Aloe vera juice is more than just a TikTok trend. There can be plenty of potential benefits to taking it, however, it is quite expensive.

It's possible uses for improving gut health and preventing skin wrinkling are both genuinely intriguing.

Normally we wouldn’t recommend jumping on the bandwagon of a TikTok trend, but in the case of AVJ and aloe vera, it may be worth a try. Go with your gut.

Want more nutrition advice from Jamie?



'Limited Evidence' Calorie Labelling Will Lead To Change, Nutritionist Says

"It’s incredibly surprising that this legislation was rolled out without even a pilot study."

2 years agoBy Jamie Wright

10 Best Snacks For Energy

+ 5 high-protein snacks you need to try.

1 year agoBy Jamie Wright

10 Foods High In Vitamin B12

B12 superfoods everyone should consider.

2 years agoBy Jamie Wright

Our articles should be used for informational and educational purposes only and are not intended to be taken as medical advice. If you're concerned, consult a health professional before taking dietary supplements or introducing any major changes to your diet.

  1. Pressman, P., Clemens, R. and Hayes, A. W. (2019) ‘Aloe vera at the frontier of glycobiology and integrative medicine: Health implications of an ancient plant’, SAGE Open Medicine. doi: 10.1177/2050312119875921.
  2. Nagpal, R., Kaur, V., Kumar, M., & Marotta, F. (2012). Effect of Aloe vera juice on growth and activities of Lactobacilli in-vitro. Acta bio-medica : Atenei Parmensis, 83(3), 183–188.
  3. Kupnik, K., Primožič, M., Knez, Ž., & Leitgeb, M. (2021). Antimicrobial Efficiency of Aloe arborescens and Aloe barbadensis Natural and Commercial Products. Plants (Basel, Switzerland), 10(1), 92.
  4. Khedmat, H., Karbasi, A., Amini, M., Aghaei, A., & Taheri, S. (2013). Aloe vera in treatment of refractory irritable bowel syndrome: Trial on Iranian patients. Journal of research in medical sciences : the official journal of Isfahan University of Medical Sciences, 18(8), 732.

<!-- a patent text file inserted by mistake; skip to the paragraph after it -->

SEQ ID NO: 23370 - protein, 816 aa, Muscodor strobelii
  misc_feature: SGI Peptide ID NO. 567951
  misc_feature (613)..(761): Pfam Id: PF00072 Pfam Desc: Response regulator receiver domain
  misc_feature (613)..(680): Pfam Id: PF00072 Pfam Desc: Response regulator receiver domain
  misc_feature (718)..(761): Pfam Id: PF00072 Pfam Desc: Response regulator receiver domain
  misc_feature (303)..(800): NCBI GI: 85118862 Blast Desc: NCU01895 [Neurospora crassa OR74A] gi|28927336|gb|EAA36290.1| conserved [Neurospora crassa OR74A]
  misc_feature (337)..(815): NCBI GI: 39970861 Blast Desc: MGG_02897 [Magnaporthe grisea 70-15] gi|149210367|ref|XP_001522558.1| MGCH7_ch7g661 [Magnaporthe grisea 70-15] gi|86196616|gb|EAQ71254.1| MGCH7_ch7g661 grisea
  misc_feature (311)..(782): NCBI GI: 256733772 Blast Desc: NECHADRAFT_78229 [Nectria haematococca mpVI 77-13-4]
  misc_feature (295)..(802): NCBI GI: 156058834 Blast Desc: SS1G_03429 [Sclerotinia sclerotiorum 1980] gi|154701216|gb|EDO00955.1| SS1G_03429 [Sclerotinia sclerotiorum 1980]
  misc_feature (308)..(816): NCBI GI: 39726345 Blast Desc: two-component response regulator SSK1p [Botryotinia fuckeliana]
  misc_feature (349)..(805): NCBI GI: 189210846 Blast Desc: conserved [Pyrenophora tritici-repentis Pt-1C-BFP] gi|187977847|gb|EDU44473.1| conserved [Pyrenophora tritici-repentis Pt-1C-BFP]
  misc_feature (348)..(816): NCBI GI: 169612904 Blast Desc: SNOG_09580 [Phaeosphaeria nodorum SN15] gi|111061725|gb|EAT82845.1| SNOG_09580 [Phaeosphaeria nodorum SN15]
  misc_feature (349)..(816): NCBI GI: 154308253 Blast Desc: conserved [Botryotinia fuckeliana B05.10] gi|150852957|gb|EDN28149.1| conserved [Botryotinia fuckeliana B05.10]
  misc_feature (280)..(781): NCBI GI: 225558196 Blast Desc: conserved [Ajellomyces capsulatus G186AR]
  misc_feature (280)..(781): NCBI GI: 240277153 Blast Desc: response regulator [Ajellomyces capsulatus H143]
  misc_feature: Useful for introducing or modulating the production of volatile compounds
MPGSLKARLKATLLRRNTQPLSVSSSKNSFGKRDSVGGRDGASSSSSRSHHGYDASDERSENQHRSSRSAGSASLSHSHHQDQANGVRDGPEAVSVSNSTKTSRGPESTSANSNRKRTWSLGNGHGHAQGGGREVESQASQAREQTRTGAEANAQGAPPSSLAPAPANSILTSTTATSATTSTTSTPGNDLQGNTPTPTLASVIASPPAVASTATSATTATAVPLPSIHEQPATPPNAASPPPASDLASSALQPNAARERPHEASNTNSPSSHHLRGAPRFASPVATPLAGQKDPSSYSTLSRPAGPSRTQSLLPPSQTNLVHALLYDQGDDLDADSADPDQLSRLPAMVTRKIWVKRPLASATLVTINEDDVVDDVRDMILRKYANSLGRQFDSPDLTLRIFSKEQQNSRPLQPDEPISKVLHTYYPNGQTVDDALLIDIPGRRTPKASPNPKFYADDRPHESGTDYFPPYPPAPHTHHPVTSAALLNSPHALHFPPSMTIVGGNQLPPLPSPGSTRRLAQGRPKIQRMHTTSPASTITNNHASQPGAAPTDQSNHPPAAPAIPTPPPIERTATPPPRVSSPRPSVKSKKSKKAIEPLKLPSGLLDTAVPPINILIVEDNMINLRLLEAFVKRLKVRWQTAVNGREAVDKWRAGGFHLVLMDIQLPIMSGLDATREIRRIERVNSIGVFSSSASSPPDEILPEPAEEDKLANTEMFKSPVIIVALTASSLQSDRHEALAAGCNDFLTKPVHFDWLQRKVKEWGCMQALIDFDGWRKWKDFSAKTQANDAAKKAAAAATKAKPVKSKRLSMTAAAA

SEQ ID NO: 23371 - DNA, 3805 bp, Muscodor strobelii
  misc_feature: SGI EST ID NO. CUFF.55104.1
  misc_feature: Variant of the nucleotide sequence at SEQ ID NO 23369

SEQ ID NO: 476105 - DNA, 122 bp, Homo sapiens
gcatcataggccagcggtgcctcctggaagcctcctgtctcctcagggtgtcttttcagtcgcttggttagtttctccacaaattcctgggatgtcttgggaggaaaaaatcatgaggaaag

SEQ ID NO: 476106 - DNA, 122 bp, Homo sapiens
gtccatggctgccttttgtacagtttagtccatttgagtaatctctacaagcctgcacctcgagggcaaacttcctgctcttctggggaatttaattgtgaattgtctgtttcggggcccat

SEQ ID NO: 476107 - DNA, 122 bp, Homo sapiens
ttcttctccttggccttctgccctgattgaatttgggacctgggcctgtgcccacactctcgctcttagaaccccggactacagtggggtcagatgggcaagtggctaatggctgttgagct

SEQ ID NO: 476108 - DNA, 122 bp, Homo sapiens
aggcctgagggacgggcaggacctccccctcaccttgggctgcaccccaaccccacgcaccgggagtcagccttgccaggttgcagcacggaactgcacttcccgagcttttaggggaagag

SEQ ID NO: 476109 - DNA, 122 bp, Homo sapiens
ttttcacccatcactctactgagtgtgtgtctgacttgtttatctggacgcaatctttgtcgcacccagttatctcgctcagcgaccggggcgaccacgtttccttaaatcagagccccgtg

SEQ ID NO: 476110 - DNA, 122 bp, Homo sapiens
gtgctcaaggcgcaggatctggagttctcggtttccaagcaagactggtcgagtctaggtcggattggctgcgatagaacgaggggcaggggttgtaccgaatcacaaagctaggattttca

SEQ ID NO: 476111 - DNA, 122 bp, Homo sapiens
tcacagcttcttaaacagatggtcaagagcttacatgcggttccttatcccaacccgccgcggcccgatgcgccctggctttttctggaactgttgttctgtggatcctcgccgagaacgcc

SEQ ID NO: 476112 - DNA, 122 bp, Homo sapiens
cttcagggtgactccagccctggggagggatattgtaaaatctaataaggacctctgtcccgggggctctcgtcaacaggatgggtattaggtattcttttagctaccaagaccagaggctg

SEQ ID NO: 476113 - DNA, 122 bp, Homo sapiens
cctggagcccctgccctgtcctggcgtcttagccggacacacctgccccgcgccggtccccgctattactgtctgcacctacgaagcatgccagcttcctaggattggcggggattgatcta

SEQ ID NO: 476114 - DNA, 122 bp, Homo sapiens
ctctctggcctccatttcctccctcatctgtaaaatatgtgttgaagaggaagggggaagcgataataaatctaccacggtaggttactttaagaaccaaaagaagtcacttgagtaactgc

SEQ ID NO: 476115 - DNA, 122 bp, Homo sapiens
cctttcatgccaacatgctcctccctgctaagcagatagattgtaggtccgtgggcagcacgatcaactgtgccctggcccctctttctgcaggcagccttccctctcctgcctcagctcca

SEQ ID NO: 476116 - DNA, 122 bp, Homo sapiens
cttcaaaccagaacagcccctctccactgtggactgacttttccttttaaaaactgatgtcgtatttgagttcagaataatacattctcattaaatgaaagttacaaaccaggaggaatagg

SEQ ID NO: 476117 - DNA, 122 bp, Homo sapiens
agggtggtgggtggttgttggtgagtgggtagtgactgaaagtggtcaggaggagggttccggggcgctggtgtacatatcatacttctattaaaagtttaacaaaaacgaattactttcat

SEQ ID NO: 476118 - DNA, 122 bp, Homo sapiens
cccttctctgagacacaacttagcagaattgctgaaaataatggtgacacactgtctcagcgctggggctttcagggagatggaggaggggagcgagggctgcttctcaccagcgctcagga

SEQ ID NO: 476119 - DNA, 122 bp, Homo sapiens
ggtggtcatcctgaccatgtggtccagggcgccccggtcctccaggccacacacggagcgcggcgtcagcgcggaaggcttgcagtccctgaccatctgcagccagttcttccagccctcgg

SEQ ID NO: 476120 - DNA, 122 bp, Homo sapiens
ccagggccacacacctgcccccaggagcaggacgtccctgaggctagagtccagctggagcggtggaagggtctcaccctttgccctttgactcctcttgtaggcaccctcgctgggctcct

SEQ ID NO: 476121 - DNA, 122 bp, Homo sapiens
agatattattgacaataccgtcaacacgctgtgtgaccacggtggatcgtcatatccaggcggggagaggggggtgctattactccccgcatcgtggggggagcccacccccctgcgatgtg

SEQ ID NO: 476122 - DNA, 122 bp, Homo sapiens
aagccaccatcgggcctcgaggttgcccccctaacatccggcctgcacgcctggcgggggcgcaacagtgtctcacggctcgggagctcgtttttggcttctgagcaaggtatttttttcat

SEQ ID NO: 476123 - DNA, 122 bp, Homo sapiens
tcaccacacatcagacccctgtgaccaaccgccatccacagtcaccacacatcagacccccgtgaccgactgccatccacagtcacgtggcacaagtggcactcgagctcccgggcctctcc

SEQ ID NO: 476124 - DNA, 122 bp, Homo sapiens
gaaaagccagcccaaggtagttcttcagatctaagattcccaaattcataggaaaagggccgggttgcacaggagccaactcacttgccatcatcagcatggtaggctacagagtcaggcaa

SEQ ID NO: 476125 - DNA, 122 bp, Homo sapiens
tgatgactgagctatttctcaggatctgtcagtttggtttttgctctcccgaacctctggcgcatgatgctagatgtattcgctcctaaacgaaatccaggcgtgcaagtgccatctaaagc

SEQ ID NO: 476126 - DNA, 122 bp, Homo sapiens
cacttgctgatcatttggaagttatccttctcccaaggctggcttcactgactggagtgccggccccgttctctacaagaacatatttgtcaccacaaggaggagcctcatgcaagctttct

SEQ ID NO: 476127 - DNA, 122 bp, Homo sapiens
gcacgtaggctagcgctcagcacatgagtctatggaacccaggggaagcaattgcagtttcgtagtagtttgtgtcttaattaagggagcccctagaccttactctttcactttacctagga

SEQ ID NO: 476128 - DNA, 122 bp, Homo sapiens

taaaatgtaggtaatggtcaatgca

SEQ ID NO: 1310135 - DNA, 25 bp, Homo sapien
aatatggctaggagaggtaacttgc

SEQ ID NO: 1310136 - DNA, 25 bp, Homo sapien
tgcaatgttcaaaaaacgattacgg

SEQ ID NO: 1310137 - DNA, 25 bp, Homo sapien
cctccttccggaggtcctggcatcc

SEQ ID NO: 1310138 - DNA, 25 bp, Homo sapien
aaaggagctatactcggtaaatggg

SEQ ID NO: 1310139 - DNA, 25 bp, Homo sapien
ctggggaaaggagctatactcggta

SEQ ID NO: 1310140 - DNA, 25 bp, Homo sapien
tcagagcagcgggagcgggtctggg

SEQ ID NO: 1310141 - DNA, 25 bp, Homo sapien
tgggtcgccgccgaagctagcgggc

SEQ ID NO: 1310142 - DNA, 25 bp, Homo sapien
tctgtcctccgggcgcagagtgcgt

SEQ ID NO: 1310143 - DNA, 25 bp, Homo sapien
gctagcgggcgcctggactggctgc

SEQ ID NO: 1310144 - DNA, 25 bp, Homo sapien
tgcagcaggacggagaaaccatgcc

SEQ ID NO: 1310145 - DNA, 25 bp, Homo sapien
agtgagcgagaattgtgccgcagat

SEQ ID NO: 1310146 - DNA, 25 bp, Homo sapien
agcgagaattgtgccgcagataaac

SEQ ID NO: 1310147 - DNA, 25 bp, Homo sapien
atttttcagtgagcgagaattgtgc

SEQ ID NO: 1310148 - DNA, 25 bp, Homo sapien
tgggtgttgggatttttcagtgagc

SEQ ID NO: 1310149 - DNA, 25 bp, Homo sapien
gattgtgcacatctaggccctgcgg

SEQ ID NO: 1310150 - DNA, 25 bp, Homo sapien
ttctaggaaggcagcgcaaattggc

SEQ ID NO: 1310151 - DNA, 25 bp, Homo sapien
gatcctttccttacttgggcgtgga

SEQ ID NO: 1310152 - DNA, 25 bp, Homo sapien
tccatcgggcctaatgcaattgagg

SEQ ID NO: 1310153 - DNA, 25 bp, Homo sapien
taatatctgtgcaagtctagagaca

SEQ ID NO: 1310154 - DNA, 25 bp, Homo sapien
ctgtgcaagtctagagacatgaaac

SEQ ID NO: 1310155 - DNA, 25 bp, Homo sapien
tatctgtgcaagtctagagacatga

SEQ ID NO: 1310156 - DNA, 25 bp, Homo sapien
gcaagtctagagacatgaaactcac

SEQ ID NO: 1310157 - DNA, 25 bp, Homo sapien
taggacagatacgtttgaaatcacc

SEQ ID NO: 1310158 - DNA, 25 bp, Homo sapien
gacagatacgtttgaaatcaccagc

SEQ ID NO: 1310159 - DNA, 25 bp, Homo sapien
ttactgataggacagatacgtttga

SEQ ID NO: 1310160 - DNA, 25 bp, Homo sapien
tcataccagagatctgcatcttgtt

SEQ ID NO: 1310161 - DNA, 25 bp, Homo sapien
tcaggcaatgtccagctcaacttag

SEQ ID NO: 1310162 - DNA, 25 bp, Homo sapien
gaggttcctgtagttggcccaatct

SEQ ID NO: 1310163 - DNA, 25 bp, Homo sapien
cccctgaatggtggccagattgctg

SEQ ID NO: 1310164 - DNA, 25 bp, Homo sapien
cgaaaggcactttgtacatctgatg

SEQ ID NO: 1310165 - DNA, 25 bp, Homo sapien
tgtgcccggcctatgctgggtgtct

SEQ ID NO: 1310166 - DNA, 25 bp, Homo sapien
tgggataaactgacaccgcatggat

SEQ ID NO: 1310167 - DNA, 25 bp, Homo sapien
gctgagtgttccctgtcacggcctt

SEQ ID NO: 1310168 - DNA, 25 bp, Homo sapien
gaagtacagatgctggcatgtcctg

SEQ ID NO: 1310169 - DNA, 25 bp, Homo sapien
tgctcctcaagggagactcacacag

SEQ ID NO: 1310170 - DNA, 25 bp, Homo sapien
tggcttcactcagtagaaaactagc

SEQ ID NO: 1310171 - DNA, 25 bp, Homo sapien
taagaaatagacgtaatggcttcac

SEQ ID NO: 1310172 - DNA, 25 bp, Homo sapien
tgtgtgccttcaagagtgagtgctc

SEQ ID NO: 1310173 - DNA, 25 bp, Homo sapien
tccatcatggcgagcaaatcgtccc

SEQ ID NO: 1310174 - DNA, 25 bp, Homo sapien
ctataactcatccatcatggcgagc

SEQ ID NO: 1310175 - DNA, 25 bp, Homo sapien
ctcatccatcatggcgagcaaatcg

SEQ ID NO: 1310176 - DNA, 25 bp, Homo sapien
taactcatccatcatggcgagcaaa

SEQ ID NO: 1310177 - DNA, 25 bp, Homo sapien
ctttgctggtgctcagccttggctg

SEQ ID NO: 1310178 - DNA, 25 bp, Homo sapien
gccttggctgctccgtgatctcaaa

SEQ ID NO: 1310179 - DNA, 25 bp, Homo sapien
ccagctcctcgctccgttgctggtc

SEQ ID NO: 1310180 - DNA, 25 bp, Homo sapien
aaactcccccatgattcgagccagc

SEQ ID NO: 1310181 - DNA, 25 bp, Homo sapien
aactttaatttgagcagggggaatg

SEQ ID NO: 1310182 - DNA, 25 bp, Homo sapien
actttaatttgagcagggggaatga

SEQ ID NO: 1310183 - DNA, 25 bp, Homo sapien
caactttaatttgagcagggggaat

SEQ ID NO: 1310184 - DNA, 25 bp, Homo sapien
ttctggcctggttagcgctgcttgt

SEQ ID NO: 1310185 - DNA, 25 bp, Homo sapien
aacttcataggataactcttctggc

5. Valdes, A. M., Walter, J., Segal, E., & Spector, T. D. (2018). Role of the gut microbiota in nutrition and health. BMJ (Clinical research ed.), 361, k2179.
  6. Ro, H. S., Jang, H. J., Kim, G. R., Park, S. J., & Lee, H. Y. (2020). Enhancement of the Anti-Skin Wrinkling Effects of Aloe arborescens Miller Extracts Associated with Lactic Acid Fermentation. Evidence-based complementary and alternative medicine : eCAM, 2020, 2743594.
  7. Jia, Y., Zhao, G., & Jia, J. (2008). Preliminary evaluation: the effects of Aloe ferox Miller and Aloe arborescens Miller on wound healing. Journal of ethnopharmacology, 120(2), 181–189.
  8. Habtemariam S. (2017). Could We Really Use Aloe vera Food Supplements to Treat Diabetes? Quality Control Issues. Evidence-based complementary and alternative medicine : eCAM, 2017, 4856412.
  9. Habtemariam S. Could We Really Use Aloe Vera Food Supplements to Treat Diabetes? International Journal of Diabetes and Clinical Research. 2017;4(1) doi: 10.23937/2377-3634/1410070.
Jamie Wright
Writer and expert
View Jamie Wright's profile
Jamie Wright is the head nutritionist at Balance; a team of fully qualified nutritionists and dieticians working with everyone from office workers to Olympians to help them achieve their diet-related goals. From binge eating, to weight loss and even sports nutrition, the team at Balance are experts in their field and help empower men and women to live their healthiest, happiest lives.